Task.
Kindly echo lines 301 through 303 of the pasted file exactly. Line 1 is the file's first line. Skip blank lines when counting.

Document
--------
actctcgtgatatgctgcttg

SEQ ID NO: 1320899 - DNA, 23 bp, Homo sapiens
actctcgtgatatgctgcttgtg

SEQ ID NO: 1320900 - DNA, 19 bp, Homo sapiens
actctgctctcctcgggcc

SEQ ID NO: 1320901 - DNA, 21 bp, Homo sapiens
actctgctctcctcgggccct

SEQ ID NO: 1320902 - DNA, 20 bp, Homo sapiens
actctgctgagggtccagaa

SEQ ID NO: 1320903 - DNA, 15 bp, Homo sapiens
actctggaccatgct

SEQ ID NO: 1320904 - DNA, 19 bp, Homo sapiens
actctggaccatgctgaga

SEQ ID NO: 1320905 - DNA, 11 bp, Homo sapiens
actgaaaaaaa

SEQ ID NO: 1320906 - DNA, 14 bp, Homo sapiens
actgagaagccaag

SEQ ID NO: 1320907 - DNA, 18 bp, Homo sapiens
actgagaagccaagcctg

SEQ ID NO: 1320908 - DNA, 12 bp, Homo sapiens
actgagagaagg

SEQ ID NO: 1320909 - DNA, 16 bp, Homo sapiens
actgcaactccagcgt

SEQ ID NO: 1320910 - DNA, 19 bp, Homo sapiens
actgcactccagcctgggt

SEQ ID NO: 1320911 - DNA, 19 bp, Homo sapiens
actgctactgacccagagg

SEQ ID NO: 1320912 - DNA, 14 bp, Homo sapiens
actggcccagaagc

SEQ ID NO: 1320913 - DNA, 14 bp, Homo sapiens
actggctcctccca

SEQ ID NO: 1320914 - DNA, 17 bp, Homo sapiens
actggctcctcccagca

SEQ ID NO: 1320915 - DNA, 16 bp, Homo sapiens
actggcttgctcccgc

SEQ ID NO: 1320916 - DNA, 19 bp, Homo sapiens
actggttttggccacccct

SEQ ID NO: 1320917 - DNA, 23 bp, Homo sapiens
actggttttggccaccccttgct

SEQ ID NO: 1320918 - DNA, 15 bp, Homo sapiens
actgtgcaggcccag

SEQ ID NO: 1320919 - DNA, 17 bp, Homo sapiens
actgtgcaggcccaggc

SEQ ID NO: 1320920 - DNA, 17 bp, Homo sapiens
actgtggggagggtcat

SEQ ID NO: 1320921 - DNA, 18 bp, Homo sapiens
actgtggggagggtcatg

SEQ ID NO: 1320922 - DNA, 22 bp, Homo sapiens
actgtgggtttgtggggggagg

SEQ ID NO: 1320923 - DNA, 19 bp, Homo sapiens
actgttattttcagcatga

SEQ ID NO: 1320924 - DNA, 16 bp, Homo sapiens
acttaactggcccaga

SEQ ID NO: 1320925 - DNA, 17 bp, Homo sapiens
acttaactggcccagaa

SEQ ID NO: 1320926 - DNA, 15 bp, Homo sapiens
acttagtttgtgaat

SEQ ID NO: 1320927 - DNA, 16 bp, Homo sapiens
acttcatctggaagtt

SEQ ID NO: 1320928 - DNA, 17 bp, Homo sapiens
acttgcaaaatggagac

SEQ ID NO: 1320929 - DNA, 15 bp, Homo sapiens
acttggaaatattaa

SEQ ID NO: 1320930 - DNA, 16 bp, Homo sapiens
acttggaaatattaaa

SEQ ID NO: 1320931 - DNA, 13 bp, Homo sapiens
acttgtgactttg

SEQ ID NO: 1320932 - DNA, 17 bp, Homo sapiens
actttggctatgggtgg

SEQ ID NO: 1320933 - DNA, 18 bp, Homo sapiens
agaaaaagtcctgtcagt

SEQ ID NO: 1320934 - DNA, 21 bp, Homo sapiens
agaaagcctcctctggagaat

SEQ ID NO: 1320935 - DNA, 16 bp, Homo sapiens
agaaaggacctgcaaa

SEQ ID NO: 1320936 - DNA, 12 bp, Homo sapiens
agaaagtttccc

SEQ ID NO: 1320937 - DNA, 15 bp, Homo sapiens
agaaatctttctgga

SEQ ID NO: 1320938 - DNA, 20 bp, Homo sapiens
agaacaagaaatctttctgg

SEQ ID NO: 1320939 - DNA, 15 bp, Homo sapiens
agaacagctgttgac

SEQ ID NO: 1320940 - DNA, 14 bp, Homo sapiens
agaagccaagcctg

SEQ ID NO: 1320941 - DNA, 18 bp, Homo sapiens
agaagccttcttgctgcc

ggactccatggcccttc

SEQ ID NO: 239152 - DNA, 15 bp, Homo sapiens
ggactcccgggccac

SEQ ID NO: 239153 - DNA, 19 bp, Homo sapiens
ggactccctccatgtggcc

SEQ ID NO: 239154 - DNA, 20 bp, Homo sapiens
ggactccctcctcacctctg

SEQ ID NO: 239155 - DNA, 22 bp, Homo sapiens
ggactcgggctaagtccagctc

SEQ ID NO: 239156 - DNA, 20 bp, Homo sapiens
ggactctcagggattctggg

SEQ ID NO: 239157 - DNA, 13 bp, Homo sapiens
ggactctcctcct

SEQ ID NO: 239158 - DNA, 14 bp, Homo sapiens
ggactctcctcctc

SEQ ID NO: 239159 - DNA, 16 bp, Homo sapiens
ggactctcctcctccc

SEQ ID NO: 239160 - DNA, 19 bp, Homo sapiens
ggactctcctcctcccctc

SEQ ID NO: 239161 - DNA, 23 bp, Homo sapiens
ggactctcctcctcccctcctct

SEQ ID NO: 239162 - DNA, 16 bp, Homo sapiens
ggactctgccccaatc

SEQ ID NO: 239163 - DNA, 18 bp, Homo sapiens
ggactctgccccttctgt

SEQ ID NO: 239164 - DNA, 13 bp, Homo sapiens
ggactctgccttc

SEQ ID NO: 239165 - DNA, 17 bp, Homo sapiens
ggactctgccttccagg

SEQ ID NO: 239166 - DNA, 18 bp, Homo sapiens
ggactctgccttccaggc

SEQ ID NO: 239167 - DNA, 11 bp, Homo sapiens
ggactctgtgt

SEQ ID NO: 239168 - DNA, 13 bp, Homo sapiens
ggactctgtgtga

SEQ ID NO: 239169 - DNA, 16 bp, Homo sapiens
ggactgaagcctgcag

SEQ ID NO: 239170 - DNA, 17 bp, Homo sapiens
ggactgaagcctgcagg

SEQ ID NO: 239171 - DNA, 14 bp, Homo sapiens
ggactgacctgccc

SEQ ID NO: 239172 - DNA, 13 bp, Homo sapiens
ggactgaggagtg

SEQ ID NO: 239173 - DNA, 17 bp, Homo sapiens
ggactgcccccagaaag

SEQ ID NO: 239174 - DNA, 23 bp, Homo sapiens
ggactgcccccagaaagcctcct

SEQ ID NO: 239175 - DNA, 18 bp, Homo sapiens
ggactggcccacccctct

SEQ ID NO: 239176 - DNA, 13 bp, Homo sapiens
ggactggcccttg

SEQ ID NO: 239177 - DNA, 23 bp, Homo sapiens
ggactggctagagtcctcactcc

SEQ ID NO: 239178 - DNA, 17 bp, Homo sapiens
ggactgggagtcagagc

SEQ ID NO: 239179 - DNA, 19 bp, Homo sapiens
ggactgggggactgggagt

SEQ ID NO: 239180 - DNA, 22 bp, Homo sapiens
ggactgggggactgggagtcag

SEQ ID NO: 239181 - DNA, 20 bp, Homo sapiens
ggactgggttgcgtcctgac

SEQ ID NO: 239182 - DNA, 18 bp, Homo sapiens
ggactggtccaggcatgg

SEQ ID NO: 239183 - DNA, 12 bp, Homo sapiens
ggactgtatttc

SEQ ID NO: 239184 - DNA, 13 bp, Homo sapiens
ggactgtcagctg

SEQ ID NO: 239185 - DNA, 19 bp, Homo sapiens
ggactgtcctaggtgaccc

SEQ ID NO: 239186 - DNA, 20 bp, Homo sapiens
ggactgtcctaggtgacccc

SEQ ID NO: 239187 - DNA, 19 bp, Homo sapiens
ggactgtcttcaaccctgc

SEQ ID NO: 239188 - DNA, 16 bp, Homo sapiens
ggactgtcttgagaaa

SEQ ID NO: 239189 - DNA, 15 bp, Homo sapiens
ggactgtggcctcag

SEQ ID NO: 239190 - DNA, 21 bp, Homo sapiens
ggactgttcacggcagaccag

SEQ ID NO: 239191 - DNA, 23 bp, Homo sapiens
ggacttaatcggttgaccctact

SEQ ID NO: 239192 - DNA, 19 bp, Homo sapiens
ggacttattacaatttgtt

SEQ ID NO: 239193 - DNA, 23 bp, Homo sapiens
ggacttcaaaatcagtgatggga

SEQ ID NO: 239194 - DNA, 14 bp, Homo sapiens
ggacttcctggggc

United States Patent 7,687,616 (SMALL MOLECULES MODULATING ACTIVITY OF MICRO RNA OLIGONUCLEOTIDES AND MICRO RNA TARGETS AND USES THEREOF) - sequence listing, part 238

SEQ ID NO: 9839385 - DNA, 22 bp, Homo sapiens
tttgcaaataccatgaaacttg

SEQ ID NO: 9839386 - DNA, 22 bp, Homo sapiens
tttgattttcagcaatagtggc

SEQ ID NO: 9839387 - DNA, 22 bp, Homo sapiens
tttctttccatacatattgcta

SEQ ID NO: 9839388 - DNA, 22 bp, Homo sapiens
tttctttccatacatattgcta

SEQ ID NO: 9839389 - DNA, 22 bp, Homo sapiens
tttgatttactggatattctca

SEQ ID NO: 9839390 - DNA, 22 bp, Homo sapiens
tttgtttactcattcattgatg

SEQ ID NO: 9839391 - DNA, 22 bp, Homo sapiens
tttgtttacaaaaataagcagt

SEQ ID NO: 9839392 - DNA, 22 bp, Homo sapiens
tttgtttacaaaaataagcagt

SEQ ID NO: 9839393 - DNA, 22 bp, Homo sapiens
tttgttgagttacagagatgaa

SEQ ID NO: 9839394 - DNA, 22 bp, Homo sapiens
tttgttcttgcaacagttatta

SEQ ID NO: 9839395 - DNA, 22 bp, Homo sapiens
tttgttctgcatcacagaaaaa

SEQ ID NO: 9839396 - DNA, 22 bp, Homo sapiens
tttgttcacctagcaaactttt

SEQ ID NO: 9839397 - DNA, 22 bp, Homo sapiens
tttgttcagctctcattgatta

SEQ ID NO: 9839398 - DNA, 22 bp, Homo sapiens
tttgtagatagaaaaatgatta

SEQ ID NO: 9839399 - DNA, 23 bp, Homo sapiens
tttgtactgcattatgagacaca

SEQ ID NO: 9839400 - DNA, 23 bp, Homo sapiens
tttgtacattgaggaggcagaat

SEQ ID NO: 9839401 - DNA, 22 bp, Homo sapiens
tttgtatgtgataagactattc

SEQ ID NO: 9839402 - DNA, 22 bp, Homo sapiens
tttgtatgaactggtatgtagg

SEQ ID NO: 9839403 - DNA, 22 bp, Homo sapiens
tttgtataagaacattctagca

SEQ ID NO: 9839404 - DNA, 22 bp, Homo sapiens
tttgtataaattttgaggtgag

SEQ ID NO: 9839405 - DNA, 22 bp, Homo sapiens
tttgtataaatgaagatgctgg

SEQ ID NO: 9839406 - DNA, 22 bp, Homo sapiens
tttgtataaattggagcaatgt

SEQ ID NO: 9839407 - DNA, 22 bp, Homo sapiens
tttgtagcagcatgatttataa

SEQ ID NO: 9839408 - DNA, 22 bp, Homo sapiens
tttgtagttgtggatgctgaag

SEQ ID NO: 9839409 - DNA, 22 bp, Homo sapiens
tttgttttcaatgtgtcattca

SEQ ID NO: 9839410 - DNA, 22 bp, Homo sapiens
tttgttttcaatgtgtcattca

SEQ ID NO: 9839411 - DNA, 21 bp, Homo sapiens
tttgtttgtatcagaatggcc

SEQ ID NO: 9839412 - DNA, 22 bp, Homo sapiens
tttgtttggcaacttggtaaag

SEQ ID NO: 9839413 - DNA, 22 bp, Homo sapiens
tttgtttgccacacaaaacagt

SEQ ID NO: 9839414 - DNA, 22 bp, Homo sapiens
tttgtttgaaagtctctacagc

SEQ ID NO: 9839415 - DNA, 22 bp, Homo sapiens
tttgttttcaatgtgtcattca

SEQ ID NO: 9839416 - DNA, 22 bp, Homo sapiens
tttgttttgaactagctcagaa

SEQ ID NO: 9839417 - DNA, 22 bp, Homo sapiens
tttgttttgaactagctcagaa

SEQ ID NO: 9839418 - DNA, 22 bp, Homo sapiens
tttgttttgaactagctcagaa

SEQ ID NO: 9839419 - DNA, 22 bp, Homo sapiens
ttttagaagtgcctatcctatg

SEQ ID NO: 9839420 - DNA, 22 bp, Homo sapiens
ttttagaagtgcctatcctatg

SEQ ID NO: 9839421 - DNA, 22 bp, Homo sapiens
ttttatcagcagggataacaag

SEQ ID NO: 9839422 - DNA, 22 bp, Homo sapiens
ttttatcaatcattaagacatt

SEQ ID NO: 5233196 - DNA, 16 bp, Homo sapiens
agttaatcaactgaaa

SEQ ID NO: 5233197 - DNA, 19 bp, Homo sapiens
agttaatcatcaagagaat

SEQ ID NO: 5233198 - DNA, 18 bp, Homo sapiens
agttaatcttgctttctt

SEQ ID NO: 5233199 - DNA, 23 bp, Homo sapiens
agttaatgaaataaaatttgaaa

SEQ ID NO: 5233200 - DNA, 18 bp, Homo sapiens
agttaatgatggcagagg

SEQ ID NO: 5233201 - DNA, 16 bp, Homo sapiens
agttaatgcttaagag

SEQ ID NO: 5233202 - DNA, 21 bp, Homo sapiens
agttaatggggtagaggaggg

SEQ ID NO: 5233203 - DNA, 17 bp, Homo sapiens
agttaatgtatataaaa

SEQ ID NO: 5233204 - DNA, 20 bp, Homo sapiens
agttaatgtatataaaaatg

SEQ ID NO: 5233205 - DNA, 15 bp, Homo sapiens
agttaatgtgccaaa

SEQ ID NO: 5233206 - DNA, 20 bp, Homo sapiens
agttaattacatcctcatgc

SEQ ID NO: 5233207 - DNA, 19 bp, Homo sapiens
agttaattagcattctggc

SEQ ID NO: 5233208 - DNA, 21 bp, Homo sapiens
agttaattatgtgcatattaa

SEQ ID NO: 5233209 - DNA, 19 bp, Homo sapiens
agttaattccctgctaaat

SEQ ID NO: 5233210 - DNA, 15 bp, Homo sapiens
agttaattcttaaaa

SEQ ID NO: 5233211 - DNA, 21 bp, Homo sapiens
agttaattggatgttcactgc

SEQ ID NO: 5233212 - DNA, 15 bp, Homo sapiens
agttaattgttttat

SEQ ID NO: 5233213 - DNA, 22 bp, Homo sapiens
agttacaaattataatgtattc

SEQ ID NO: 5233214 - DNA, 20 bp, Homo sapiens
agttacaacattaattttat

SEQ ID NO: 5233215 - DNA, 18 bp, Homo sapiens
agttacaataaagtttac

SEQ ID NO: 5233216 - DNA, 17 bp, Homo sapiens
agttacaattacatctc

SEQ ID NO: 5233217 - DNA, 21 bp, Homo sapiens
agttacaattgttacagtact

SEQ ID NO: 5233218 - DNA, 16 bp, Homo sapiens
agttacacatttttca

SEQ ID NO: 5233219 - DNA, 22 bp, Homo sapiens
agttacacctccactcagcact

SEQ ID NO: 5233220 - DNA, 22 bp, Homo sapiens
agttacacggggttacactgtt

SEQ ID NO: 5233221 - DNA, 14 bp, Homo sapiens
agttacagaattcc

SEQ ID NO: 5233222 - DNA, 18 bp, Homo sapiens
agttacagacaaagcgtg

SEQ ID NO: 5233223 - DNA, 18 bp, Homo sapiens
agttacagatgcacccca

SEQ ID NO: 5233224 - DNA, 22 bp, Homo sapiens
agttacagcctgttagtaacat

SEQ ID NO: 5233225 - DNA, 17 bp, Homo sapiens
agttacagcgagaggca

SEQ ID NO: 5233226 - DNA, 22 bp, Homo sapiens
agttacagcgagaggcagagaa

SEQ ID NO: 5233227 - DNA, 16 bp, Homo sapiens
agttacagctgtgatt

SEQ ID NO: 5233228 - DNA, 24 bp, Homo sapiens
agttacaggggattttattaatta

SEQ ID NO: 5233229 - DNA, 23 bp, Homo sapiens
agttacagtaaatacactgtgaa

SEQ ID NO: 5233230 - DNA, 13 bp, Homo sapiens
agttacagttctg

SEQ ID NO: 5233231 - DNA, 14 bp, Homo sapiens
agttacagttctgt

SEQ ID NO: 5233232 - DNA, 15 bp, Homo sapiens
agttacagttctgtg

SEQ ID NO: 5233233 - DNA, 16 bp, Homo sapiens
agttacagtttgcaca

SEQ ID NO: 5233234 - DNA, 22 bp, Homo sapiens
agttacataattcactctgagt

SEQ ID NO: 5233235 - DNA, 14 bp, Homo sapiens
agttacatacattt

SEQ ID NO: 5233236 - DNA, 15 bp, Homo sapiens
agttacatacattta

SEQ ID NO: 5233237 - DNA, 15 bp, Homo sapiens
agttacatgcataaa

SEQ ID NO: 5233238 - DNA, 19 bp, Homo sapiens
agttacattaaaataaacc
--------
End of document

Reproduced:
agttacacggggttacactgtt

SEQ ID NO: 5233221 - DNA, 14 bp, Homo sapiens
agttacagaattcc